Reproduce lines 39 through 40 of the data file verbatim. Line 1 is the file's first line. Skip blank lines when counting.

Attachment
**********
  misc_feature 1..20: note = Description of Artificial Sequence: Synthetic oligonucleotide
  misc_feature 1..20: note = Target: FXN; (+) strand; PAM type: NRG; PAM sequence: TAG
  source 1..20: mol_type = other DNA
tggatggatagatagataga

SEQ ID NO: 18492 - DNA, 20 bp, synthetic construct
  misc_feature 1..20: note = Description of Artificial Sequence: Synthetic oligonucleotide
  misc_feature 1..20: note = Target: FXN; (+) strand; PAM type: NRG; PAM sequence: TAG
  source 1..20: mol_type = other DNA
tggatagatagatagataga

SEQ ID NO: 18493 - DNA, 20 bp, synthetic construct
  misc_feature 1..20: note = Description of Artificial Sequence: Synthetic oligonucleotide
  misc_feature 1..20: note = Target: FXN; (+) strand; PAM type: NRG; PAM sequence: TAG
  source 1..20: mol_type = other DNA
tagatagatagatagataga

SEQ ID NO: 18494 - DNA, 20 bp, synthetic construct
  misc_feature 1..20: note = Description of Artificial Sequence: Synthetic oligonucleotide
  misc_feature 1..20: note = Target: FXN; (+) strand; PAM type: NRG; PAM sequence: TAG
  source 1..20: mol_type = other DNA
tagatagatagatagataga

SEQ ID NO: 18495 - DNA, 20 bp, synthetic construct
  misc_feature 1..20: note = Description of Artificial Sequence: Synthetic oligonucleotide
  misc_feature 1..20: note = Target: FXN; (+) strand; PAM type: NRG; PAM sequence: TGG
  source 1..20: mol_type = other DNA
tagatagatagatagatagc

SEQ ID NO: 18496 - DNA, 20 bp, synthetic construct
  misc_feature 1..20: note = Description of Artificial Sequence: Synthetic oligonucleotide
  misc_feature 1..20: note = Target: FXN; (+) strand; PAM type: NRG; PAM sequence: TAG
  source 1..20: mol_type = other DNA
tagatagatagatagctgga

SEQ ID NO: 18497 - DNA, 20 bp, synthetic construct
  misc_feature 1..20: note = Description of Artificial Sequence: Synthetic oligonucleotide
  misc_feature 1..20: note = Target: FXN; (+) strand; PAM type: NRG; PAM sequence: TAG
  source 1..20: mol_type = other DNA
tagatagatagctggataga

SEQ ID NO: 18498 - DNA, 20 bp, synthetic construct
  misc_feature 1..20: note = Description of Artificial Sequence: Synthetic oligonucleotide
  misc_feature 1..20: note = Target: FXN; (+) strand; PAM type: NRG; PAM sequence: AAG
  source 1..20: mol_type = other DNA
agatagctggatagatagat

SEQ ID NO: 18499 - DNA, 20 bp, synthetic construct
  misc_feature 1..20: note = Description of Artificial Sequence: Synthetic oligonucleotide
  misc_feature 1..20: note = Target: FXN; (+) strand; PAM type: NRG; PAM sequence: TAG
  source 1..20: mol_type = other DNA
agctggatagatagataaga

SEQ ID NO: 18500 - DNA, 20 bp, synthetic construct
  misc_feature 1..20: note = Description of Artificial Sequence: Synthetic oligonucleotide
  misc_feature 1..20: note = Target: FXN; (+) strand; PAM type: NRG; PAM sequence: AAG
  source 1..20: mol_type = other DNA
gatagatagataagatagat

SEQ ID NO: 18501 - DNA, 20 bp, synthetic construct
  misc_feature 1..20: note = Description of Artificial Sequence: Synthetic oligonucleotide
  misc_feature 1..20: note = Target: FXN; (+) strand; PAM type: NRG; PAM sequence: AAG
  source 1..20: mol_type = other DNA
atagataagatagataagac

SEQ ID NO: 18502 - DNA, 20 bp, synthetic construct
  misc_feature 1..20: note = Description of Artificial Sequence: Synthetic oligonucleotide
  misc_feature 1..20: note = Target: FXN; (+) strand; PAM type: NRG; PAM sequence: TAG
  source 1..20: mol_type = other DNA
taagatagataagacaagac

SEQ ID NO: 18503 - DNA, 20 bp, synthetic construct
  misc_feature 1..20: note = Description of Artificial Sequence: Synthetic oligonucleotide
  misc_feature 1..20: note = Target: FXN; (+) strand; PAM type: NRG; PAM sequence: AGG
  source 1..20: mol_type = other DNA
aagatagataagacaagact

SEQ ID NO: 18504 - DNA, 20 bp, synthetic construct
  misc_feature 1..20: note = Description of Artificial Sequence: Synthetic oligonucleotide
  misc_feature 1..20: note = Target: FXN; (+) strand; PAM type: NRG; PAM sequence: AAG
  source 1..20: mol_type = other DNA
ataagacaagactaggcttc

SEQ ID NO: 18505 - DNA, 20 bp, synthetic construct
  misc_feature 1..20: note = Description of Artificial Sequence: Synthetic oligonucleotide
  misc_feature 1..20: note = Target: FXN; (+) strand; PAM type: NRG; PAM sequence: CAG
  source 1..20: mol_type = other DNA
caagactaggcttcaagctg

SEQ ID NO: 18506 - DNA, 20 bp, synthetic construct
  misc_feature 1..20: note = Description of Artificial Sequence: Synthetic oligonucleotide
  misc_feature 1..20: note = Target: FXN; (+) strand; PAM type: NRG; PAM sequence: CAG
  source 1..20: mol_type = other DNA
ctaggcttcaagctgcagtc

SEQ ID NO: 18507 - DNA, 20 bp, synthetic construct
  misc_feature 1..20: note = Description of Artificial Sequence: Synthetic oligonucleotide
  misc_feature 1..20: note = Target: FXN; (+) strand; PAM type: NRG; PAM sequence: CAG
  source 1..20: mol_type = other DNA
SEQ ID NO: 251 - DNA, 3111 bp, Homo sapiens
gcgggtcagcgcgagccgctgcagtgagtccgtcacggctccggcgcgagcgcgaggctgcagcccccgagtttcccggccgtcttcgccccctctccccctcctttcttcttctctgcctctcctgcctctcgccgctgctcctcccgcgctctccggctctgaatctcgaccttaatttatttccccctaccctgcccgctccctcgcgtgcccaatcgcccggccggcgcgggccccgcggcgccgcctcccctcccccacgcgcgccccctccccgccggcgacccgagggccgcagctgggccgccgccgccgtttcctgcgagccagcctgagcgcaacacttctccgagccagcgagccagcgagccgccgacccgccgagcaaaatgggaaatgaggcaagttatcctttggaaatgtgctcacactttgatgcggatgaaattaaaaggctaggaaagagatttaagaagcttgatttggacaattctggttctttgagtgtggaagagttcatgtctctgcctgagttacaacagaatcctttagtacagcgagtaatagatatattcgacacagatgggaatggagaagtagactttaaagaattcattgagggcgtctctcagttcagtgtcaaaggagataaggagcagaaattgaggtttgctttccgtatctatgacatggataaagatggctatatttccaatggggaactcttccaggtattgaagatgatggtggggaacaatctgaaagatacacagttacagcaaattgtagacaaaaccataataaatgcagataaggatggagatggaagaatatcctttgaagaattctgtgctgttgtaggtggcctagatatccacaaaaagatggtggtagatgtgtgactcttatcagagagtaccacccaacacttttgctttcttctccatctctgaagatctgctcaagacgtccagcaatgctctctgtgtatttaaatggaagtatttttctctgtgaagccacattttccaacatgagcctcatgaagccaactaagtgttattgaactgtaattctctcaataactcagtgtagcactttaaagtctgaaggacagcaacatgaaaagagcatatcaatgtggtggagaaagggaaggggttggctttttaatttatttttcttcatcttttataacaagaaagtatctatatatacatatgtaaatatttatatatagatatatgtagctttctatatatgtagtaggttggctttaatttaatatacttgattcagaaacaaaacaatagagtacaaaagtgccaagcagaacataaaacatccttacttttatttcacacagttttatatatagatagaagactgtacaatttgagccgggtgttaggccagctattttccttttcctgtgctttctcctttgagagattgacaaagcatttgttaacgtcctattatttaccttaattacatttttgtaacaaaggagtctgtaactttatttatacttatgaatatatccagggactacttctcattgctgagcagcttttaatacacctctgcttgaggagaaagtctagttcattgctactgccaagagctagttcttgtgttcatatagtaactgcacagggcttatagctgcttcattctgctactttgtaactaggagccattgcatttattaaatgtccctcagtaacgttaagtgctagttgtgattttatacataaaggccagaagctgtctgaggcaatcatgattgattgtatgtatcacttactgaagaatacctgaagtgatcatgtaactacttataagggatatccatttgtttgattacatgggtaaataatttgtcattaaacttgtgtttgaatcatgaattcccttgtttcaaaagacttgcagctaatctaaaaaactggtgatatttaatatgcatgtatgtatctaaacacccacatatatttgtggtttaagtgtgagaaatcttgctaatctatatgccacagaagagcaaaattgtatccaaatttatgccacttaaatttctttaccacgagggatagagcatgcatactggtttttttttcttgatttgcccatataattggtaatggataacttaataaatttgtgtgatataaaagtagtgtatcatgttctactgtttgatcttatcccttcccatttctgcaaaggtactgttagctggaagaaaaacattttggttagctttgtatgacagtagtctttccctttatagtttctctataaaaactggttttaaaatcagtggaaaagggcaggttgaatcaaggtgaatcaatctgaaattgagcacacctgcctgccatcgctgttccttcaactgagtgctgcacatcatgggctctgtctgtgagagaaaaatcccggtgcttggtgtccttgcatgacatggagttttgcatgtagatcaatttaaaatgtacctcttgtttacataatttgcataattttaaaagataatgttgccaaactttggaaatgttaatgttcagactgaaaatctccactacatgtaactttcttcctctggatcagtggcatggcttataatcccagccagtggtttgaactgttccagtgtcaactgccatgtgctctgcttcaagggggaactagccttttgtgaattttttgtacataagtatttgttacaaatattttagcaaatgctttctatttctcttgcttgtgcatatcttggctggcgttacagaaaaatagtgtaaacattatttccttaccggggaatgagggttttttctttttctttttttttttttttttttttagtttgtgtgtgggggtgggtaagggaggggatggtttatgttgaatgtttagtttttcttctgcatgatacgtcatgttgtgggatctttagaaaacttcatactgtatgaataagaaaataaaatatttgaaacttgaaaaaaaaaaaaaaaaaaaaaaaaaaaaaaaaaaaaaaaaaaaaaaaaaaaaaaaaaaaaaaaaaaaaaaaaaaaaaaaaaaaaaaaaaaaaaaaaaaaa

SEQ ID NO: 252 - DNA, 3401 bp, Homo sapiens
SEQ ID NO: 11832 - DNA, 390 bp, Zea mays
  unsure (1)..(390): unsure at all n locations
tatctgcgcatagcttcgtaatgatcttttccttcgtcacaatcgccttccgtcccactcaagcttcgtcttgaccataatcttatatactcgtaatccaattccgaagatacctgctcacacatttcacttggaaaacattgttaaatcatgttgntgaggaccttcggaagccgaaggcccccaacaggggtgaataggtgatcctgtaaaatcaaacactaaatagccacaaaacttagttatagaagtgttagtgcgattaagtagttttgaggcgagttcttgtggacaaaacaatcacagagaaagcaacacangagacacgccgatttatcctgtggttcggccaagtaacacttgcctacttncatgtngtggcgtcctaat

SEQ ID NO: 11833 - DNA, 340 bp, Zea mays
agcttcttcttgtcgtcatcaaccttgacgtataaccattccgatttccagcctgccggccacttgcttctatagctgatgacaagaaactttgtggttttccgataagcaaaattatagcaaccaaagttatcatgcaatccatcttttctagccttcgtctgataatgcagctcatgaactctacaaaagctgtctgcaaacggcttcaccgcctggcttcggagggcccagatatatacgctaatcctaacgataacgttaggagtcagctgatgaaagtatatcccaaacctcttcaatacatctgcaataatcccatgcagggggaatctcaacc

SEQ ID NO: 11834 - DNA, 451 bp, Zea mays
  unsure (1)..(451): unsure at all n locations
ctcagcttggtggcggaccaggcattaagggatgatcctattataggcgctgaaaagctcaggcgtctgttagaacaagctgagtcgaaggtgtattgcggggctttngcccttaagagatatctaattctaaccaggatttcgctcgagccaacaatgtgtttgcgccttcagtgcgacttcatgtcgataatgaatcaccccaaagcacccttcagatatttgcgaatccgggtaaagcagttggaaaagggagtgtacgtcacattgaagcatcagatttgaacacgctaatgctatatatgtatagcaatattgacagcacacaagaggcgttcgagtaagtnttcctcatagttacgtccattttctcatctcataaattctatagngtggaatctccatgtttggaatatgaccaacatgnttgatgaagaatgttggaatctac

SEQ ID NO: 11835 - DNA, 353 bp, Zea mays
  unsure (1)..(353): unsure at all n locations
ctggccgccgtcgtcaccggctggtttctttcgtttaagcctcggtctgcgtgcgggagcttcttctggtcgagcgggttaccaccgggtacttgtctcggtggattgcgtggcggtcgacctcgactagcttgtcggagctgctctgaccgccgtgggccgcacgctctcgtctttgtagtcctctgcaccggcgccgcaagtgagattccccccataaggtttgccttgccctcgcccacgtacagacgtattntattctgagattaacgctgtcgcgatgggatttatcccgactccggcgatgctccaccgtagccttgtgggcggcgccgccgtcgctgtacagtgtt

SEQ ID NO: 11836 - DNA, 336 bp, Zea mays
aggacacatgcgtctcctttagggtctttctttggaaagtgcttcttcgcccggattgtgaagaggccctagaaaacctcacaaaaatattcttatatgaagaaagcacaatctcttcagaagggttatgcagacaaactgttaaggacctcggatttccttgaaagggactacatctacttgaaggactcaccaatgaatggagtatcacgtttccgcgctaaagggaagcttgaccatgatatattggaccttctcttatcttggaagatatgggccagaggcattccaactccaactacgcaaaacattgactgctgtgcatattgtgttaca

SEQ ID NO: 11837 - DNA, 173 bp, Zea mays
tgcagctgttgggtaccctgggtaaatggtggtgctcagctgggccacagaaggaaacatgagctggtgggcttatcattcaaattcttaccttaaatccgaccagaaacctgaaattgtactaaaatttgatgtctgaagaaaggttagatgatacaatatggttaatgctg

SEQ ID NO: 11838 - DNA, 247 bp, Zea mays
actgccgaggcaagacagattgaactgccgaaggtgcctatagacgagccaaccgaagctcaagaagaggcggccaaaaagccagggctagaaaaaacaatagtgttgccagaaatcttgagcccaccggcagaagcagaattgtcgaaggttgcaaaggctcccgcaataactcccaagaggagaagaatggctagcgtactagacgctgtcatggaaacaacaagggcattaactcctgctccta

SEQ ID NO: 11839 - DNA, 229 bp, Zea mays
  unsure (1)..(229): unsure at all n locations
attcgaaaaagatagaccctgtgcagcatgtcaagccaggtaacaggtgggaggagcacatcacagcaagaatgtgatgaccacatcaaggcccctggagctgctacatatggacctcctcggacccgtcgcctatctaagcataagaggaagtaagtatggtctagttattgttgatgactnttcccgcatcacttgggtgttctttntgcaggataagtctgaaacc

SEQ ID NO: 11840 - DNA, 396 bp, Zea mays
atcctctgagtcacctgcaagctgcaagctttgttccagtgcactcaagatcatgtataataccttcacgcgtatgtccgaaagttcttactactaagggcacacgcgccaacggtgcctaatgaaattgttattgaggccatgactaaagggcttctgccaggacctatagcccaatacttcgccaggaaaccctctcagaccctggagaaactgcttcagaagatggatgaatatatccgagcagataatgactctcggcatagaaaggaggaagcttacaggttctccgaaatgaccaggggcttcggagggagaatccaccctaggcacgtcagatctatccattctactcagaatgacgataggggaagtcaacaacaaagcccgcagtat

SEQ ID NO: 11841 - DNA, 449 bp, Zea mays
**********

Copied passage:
agatagctggatagatagat

SEQ ID NO: 18499 - DNA, 20 bp, synthetic construct